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Bill Bennett


Forget company history in business writing

No-one cares when or where your company started.

If you’re writing a website about page, compiling a brochure or a business proposal, don’t fall into the trap of adding a lengthy company history.

It is best to avoid histories altogether. If you must have one, keep it short and either link to the information on another web page or place it at the bottom of the printed page.

Whatever you do, don’t start anything written for customers with a history lecture.

Too many about pages begin with something like: “In 1997, three clever guys had the idea of forming a widget business and set up shop at 101 Boring Street, Dullsville, Arizona”.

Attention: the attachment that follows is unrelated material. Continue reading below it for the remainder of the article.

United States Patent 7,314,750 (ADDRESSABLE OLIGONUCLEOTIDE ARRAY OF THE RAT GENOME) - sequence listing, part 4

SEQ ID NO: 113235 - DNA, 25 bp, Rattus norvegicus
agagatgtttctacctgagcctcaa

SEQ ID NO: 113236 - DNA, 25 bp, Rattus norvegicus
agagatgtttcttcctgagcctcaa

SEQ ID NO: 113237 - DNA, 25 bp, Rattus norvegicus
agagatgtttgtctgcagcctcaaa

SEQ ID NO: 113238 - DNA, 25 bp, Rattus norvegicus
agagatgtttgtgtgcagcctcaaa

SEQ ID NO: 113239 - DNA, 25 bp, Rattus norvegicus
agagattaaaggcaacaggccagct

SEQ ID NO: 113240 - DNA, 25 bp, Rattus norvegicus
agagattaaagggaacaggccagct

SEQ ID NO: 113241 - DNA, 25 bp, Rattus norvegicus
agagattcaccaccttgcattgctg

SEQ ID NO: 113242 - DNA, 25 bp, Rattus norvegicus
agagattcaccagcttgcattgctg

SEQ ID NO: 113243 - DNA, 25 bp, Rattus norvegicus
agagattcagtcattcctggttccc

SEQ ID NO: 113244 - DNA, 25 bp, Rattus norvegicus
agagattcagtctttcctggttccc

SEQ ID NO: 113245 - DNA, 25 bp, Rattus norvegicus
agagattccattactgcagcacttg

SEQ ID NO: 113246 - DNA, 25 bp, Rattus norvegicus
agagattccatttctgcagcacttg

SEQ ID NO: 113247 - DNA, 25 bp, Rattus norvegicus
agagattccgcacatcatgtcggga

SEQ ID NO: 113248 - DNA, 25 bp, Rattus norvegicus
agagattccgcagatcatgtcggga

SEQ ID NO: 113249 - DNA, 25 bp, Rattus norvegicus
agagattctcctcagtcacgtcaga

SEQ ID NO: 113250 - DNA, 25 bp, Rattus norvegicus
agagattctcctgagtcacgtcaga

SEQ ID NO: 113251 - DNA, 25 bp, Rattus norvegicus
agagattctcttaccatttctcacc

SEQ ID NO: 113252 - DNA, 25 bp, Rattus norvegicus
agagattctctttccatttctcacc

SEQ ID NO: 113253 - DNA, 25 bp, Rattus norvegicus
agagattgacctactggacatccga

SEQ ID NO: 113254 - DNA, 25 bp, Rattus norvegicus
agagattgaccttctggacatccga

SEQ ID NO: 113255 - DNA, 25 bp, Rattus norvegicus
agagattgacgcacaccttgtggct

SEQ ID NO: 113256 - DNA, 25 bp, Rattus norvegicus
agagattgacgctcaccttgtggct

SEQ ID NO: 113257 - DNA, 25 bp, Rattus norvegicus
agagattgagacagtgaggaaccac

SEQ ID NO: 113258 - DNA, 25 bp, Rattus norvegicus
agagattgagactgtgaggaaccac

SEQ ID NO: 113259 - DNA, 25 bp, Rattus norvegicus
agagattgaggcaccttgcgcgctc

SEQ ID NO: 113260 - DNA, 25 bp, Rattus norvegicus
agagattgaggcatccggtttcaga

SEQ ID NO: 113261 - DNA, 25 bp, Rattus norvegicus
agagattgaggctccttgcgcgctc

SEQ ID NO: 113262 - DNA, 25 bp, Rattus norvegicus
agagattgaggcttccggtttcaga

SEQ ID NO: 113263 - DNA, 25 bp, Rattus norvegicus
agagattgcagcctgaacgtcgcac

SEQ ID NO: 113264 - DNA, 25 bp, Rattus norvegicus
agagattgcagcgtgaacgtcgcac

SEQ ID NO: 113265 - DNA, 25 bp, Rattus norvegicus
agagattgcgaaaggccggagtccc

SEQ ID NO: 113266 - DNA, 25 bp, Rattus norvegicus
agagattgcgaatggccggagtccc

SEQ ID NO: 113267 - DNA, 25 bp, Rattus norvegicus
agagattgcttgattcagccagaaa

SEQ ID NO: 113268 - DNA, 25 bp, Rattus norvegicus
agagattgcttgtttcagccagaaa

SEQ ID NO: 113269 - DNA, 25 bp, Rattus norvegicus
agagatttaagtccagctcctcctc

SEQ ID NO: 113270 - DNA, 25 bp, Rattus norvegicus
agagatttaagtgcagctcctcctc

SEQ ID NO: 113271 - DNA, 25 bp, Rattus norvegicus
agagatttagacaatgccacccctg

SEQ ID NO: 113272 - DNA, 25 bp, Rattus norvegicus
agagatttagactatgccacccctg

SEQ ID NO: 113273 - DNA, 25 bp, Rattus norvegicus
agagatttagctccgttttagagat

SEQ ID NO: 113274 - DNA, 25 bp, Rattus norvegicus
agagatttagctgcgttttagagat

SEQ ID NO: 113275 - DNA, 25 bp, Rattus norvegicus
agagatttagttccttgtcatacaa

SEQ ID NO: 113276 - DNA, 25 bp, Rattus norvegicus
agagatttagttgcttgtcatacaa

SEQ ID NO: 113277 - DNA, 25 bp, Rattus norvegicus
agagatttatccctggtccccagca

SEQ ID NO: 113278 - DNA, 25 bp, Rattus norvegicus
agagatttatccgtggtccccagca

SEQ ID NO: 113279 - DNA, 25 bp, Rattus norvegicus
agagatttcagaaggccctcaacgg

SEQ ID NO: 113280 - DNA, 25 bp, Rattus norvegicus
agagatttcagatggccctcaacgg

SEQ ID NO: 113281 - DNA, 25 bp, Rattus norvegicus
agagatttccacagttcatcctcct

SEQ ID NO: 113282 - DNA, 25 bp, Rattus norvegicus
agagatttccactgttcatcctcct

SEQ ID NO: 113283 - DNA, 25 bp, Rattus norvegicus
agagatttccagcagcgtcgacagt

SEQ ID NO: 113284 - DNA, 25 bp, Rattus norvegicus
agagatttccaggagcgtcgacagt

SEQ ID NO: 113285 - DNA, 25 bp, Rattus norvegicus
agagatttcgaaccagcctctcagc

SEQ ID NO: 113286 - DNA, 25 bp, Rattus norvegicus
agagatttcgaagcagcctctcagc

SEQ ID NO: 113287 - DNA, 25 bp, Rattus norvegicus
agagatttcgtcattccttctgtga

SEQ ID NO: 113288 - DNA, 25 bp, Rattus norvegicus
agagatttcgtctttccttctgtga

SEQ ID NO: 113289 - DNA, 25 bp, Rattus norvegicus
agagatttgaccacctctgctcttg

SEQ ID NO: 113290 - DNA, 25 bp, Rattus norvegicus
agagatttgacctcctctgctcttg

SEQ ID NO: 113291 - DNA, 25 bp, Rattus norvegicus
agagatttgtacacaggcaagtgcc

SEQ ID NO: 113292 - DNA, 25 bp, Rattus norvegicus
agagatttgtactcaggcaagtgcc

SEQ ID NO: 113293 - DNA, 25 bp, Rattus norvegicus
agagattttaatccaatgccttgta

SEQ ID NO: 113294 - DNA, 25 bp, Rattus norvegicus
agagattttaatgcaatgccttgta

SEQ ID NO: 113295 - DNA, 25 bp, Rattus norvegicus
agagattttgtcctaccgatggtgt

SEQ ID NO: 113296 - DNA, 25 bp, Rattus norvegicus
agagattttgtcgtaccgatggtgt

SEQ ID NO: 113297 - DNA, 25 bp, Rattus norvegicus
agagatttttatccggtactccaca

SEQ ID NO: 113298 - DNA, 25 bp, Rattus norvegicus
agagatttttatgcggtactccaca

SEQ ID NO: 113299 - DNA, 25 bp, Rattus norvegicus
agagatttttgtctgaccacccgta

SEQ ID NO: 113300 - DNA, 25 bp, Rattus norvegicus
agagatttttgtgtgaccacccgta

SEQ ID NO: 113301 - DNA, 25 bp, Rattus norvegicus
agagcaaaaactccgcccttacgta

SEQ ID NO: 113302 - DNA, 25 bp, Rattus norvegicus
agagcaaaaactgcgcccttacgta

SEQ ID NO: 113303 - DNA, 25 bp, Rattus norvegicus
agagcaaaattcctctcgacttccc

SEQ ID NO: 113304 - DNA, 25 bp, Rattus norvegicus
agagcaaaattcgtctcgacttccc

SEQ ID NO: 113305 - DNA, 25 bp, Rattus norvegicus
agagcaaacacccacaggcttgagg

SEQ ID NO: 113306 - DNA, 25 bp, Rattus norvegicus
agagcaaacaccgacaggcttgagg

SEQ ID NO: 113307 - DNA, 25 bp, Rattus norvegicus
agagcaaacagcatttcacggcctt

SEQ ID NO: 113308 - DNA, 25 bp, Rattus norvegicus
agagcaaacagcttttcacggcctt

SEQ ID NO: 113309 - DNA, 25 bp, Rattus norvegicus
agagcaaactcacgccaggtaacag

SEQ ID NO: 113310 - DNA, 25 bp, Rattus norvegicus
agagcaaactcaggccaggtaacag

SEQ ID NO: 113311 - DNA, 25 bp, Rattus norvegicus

Not only does company history bore readers, it sends a message that you are self-obsessed, maybe vain, possibly even narcissistic. This doesn’t help your business.

Worse, Google and other search engines will pick up on this information — particularly if it is near the top of your company about page — and assume the history as more important than the valuable information potential customers search for.

This rule doesn’t apply if you are selling history, say you run a café in a historic building. In that case, history is central to your marketing.

Otherwise, focus on the here and now. Emphasis the things that will be important to customers.



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